Change Is Additive—Week of 8/26/16
CHANGE IS ADDITIVE—A 3D Printing News Series by FATHOM
Multi-Axis 3D Printing, 3D Printed Soft Robots with Microfluidic Actuators, Biodegradable Batteries, 3D Printing Glass
With so many weekly developments in a fast-changing industry like additive manufacturing, the headlines can really stack up. To cut through the clutter of 3D printing news, check out these staff picks of the week. What do you think is the most impactful development?
With multiple 3D printing innovation announcements, including the Infinite-Build 3D Demonstrator and the Robotic Composite 3D Demonstrator, Stratasys is focusing on expanding serious digital fabrication. The Infinite-Build model shifts attention to the vertical plane, while the Robotic Composite model integrates Siemens’ motion controls and PLM software into its 3D printing platform, allowing 3D printing to take place from all angles. As evidenced by partnerships with Boeing and Ford, these technologies are intended largely for aerospace and automotive manufacturing // Read More // Watch Video
Researchers from Harvard have introduced the world’s first autonomous robot that is entirely soft – even the “circuitry." The octobot is powered not by batteries or electronics, but by simple hydrogen peroxide that, when it decomposes to gas, flows into the octobot’s limbs and inflates them, causing them to lift and flex. The chemical reaction is controlled by a microfluidic logic circuit developed by chemist George M. Whitesides, a co-author on the study // Read More // Watch Video
A team of researchers from the Lawrence Livermore National Laboratory (LLNL) have made a significant advancement in the field of "4D printing" recently, having demonstrated their ability to create additively manufactured structures that can change shape, fold and unfold when they are heated or exposed to electricity. The LLNL team is the first to combine 3D printing and subsequent folding (through origami methods) with conductive smart materials to make complex structures // Read More // Watch Video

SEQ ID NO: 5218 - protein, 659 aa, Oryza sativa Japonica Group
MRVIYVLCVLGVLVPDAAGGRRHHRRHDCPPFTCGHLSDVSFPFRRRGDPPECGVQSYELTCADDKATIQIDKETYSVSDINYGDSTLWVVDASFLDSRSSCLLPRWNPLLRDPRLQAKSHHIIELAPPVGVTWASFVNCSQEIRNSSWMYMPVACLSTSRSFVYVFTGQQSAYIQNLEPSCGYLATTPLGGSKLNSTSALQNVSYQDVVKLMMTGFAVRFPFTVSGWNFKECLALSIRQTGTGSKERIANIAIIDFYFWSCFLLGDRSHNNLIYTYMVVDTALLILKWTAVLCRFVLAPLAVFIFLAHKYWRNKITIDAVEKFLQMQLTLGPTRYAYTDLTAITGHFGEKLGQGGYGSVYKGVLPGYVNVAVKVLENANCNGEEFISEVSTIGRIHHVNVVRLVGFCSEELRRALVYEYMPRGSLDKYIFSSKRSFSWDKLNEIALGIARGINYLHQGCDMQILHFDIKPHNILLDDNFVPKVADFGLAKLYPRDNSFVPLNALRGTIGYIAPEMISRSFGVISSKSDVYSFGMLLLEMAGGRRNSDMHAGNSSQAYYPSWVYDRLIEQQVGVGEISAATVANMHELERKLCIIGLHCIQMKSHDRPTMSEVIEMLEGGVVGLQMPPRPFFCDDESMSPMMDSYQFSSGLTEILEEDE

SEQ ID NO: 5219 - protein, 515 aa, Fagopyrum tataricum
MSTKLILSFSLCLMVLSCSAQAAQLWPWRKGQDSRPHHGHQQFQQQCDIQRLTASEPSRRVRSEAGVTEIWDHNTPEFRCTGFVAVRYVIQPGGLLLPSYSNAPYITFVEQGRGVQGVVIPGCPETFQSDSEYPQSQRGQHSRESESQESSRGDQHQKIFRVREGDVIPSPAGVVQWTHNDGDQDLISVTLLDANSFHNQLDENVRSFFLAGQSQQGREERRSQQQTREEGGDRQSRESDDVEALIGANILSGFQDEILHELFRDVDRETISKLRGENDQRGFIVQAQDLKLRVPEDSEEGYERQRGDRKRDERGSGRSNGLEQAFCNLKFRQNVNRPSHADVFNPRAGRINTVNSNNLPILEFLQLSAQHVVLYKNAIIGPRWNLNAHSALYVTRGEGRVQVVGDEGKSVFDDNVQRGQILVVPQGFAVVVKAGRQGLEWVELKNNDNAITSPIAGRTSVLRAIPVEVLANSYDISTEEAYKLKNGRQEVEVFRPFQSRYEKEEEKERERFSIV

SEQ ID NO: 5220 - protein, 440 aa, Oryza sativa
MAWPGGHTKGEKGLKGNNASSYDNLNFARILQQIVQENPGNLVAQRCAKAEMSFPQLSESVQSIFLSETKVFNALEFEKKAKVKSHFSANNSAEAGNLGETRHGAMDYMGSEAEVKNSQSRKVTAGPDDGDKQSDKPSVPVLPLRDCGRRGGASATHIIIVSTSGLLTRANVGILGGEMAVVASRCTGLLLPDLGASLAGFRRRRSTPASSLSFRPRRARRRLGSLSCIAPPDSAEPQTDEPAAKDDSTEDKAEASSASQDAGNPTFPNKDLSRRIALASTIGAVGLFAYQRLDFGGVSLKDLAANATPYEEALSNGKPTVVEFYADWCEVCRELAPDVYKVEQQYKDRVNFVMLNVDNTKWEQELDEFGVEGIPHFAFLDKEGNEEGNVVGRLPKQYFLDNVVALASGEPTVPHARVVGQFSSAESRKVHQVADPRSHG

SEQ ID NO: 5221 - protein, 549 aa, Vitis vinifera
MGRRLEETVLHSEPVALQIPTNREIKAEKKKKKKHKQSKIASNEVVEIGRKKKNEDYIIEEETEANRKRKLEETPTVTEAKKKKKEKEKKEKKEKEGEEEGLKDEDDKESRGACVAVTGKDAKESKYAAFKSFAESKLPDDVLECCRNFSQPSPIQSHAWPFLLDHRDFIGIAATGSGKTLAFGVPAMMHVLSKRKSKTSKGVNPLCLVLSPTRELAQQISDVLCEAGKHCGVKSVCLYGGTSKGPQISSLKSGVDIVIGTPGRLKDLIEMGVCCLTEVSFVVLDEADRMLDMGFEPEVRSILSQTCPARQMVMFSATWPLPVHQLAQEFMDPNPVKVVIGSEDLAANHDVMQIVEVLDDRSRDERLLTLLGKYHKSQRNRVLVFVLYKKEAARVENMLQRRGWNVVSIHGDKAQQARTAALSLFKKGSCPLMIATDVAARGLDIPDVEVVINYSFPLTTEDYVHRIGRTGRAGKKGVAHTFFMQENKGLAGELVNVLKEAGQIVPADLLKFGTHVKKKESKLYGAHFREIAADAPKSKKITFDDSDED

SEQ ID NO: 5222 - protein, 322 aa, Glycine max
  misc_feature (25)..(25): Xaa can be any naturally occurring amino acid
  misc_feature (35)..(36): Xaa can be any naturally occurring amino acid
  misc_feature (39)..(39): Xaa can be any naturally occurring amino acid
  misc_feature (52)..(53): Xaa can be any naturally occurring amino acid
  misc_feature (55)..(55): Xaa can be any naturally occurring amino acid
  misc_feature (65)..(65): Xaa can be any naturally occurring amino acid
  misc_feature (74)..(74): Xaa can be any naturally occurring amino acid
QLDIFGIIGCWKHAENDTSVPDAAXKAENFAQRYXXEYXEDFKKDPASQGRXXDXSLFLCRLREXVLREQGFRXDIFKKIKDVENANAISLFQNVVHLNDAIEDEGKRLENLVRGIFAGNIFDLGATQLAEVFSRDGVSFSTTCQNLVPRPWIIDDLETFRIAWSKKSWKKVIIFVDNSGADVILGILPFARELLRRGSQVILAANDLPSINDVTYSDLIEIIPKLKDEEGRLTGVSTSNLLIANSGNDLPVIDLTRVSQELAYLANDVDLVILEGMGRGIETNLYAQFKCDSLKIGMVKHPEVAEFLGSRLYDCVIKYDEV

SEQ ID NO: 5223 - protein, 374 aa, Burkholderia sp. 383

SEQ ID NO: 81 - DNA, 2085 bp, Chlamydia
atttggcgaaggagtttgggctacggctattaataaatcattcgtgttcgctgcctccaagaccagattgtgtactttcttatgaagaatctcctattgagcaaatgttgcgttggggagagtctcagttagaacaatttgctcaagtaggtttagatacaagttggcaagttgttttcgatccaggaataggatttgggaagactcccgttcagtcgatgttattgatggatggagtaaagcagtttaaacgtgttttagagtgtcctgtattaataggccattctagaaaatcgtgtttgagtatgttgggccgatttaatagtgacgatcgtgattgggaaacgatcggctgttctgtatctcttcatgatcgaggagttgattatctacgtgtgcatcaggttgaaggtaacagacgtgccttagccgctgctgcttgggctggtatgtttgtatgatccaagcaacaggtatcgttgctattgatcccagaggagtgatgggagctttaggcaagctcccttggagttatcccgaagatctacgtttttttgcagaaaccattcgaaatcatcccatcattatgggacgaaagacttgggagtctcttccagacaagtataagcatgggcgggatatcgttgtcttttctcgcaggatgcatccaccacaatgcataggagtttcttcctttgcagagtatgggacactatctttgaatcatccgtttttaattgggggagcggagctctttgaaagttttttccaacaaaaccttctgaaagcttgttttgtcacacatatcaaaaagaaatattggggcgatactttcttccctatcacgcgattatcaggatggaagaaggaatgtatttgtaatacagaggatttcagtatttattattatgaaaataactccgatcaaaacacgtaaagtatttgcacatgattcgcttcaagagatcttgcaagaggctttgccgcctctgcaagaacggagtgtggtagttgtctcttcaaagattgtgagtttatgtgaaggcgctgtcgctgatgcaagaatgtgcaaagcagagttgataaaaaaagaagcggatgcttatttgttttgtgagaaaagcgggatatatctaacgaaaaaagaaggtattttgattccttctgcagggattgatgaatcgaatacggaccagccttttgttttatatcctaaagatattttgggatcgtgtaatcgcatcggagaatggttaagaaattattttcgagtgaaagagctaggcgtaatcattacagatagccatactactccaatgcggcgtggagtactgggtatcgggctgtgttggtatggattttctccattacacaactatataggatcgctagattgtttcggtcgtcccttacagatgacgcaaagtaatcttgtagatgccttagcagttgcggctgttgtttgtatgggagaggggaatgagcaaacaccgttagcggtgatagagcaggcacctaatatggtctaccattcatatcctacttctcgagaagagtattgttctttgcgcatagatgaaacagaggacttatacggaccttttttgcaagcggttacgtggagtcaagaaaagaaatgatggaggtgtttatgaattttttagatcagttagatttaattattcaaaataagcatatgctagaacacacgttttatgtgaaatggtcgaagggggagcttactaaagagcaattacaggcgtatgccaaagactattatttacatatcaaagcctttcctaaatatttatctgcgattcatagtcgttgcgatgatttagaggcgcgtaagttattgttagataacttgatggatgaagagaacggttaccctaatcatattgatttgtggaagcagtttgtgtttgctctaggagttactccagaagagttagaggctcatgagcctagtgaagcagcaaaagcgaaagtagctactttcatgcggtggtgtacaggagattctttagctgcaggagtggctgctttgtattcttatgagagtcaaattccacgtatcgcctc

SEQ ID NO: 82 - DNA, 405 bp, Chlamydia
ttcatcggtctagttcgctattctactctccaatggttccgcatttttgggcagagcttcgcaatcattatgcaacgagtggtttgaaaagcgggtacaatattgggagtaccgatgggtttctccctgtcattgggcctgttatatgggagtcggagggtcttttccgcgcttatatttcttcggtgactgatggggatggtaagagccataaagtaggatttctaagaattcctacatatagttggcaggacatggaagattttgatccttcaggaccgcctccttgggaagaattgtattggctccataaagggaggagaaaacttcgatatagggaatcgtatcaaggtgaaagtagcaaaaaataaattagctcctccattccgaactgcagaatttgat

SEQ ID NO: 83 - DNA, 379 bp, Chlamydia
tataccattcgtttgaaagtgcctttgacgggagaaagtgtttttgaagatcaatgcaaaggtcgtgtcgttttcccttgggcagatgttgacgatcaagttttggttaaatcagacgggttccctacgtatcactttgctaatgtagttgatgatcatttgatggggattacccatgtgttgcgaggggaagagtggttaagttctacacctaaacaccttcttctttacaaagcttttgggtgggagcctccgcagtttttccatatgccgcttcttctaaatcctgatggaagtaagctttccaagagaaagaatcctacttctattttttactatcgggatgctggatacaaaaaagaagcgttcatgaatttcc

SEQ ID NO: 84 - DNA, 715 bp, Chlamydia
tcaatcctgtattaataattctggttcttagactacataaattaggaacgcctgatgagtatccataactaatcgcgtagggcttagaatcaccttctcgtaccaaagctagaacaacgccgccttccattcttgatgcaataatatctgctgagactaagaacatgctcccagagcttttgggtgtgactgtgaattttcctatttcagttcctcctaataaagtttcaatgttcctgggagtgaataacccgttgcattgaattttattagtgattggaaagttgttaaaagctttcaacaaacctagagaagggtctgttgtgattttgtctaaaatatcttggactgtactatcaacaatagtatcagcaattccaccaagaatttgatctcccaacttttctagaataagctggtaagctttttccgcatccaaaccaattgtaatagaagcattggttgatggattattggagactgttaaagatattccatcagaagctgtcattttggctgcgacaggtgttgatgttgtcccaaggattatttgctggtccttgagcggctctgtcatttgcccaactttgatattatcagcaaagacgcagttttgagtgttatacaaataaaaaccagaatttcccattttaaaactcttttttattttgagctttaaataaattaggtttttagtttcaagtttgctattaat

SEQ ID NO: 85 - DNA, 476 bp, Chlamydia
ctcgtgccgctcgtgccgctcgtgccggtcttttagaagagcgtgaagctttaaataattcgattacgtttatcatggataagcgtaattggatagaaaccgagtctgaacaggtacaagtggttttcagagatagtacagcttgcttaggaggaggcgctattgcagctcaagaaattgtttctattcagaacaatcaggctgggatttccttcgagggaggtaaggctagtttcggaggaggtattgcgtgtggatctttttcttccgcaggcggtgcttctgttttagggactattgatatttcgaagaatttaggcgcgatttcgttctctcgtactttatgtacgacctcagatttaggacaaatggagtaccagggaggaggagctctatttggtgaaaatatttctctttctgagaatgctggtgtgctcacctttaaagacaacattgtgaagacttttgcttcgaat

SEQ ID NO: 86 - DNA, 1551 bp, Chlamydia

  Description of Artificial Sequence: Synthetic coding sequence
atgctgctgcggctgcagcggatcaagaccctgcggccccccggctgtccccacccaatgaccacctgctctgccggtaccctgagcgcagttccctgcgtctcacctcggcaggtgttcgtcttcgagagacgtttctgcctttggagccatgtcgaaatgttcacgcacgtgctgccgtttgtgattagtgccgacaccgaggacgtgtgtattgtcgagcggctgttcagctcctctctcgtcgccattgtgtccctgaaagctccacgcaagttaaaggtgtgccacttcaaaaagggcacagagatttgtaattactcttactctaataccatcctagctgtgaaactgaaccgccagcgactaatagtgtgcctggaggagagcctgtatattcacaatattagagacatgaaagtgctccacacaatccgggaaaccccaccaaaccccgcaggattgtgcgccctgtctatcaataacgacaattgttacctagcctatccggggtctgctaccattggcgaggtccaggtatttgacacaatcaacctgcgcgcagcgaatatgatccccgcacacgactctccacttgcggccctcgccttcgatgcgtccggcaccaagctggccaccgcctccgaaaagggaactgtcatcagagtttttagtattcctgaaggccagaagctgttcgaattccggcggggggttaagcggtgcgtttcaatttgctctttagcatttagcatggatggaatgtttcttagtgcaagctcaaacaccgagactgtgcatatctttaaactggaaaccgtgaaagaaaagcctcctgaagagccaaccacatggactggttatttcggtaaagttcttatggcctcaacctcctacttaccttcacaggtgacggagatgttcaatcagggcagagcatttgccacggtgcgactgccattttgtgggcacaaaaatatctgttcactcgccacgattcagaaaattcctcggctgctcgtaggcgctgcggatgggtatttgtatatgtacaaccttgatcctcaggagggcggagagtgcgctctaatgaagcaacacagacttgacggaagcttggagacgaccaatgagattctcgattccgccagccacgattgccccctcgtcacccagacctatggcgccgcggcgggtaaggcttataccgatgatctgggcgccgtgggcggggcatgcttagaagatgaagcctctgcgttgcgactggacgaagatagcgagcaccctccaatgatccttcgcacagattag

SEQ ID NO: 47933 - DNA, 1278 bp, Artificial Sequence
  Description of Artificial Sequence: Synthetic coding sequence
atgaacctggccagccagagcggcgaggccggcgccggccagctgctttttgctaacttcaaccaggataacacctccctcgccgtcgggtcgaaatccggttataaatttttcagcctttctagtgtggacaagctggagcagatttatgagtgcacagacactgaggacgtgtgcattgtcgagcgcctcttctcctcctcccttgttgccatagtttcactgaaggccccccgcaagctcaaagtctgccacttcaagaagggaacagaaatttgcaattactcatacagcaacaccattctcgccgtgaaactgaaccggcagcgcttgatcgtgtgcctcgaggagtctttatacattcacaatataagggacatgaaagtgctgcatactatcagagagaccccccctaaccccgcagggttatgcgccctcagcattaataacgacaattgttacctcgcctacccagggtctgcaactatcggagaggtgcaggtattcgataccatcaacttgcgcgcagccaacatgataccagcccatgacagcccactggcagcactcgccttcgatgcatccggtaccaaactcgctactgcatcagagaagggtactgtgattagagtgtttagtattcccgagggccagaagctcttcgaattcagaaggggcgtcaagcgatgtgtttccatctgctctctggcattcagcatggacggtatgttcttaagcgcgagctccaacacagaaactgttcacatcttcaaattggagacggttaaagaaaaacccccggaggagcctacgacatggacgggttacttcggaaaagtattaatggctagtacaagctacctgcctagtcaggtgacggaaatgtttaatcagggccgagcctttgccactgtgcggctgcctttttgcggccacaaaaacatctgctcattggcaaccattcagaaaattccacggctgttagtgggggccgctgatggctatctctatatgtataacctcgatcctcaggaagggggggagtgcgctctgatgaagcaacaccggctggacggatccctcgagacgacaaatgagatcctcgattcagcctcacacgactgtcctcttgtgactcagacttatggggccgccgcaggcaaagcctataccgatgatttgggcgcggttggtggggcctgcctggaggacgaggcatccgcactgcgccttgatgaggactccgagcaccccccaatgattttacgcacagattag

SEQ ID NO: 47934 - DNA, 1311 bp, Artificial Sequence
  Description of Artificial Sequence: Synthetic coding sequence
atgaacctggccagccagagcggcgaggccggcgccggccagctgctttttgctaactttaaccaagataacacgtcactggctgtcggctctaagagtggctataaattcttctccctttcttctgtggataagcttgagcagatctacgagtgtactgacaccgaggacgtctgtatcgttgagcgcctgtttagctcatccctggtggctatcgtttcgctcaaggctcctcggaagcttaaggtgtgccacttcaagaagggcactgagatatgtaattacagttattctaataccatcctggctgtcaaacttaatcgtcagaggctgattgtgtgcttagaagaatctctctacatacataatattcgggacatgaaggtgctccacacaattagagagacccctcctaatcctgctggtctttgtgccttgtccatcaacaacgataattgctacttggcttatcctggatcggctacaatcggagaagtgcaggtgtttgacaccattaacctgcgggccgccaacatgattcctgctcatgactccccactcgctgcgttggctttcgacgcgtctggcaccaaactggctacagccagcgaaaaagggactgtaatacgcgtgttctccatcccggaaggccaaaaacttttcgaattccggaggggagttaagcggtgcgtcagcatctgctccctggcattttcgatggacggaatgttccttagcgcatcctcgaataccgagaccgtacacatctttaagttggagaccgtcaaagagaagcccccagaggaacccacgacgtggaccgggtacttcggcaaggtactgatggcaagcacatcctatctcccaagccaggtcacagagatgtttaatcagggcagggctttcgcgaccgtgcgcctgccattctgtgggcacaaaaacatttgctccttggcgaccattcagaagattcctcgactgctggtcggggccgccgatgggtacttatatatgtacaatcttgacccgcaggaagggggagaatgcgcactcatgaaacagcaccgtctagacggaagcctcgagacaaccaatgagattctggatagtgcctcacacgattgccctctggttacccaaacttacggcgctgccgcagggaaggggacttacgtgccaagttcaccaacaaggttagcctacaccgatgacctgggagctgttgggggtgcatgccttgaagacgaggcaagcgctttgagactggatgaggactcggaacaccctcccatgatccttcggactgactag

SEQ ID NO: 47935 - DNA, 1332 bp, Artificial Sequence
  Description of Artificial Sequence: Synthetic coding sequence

Nano Dimension, a developer of 3D printed electronics systems and advanced additive manufacturing tech, has shipped the first ever DragonFly 2020 PCB 3D printer to a leading Israeli defense company // Read More
Researchers from Carnegie Mellon University are developing innovative biocompatible batteries, which could open up the doors for future ingestible medical devices and treatments. The biocompatible, non-toxic, and edible batteries are made from naturally occurring melanin pigments and are housed in 3D printed capsules // Read More
With an eye on the construction industry, Russian researchers are working on a 3D printing setup that can build durable walls and structures from glass, using a compact glass melting furnace as an extrusion unit. Due to the properties and adaptability of 3D printed glass, the researchers hope to make the technology viable for construction in the near future // Read More
In partnership with the Missouri School for the Blind, the D’Arcy Lab in the Chemistry Department at Washington University in St. Louis created tensile measuring and learning tools for visually impaired students // Read More // Download
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Imagery and News Sources: 3ders.org, 3Dprint.com, 3Dprintingindustry.com, IMTS, Stratasys, WashU, MSB, Nano Dimension, LLNL, Harvard, MakerLabs